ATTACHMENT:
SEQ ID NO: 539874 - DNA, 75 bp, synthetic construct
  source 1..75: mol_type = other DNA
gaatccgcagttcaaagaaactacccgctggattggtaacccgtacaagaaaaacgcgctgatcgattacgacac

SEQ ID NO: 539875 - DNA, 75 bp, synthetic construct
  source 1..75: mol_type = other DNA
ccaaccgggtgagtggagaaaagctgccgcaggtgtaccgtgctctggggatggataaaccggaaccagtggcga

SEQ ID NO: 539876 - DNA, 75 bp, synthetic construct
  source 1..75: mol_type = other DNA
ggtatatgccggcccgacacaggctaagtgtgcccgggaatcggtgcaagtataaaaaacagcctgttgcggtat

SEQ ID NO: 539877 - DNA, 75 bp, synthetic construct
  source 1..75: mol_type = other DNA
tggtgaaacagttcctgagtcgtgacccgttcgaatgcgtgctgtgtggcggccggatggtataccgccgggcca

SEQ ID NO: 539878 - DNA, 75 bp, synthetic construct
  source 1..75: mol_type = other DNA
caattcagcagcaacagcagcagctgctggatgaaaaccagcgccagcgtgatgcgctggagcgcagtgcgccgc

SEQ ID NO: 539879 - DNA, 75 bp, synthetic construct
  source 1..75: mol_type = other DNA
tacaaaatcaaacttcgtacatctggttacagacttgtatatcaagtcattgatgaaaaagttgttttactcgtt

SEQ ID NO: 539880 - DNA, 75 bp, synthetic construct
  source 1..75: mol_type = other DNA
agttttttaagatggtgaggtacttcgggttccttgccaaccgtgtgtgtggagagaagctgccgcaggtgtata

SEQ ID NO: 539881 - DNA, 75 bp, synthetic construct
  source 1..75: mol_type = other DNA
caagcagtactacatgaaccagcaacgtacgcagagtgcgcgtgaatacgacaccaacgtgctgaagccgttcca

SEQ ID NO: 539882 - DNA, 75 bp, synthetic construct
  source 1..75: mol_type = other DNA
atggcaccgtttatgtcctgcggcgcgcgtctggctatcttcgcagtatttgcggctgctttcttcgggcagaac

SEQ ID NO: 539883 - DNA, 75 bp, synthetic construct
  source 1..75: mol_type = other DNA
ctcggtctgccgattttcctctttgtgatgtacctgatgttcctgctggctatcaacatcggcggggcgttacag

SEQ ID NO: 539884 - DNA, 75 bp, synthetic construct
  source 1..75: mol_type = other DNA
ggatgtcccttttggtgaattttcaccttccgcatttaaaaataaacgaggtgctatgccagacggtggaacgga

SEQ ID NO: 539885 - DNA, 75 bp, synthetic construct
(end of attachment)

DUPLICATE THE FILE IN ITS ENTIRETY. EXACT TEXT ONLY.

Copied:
SEQ ID NO: 539874 - DNA, 75 bp, synthetic construct
  source 1..75: mol_type = other DNA
gaatccgcagttcaaagaaactacccgctggattggtaacccgtacaagaaaaacgcgctgatcgattacgacac

SEQ ID NO: 539875 - DNA, 75 bp, synthetic construct
  source 1..75: mol_type = other DNA
ccaaccgggtgagtggagaaaagctgccgcaggtgtaccgtgctctggggatggataaaccggaaccagtggcga

SEQ ID NO: 539876 - DNA, 75 bp, synthetic construct
  source 1..75: mol_type = other DNA
ggtatatgccggcccgacacaggctaagtgtgcccgggaatcggtgcaagtataaaaaacagcctgttgcggtat

SEQ ID NO: 539877 - DNA, 75 bp, synthetic construct
  source 1..75: mol_type = other DNA
tggtgaaacagttcctgagtcgtgacccgttcgaatgcgtgctgtgtggcggccggatggtataccgccgggcca

SEQ ID NO: 539878 - DNA, 75 bp, synthetic construct
  source 1..75: mol_type = other DNA
caattcagcagcaacagcagcagctgctggatgaaaaccagcgccagcgtgatgcgctggagcgcagtgcgccgc

SEQ ID NO: 539879 - DNA, 75 bp, synthetic construct
  source 1..75: mol_type = other DNA
tacaaaatcaaacttcgtacatctggttacagacttgtatatcaagtcattgatgaaaaagttgttttactcgtt

SEQ ID NO: 539880 - DNA, 75 bp, synthetic construct
  source 1..75: mol_type = other DNA
agttttttaagatggtgaggtacttcgggttccttgccaaccgtgtgtgtggagagaagctgccgcaggtgtata

SEQ ID NO: 539881 - DNA, 75 bp, synthetic construct
  source 1..75: mol_type = other DNA
caagcagtactacatgaaccagcaacgtacgcagagtgcgcgtgaatacgacaccaacgtgctgaagccgttcca

SEQ ID NO: 539882 - DNA, 75 bp, synthetic construct
  source 1..75: mol_type = other DNA
atggcaccgtttatgtcctgcggcgcgcgtctggctatcttcgcagtatttgcggctgctttcttcgggcagaac

SEQ ID NO: 539883 - DNA, 75 bp, synthetic construct
  source 1..75: mol_type = other DNA
ctcggtctgccgattttcctctttgtgatgtacctgatgttcctgctggctatcaacatcggcggggcgttacag

SEQ ID NO: 539884 - DNA, 75 bp, synthetic construct
  source 1..75: mol_type = other DNA
ggatgtcccttttggtgaattttcaccttccgcatttaaaaataaacgaggtgctatgccagacggtggaacgga

SEQ ID NO: 539885 - DNA, 75 bp, synthetic construct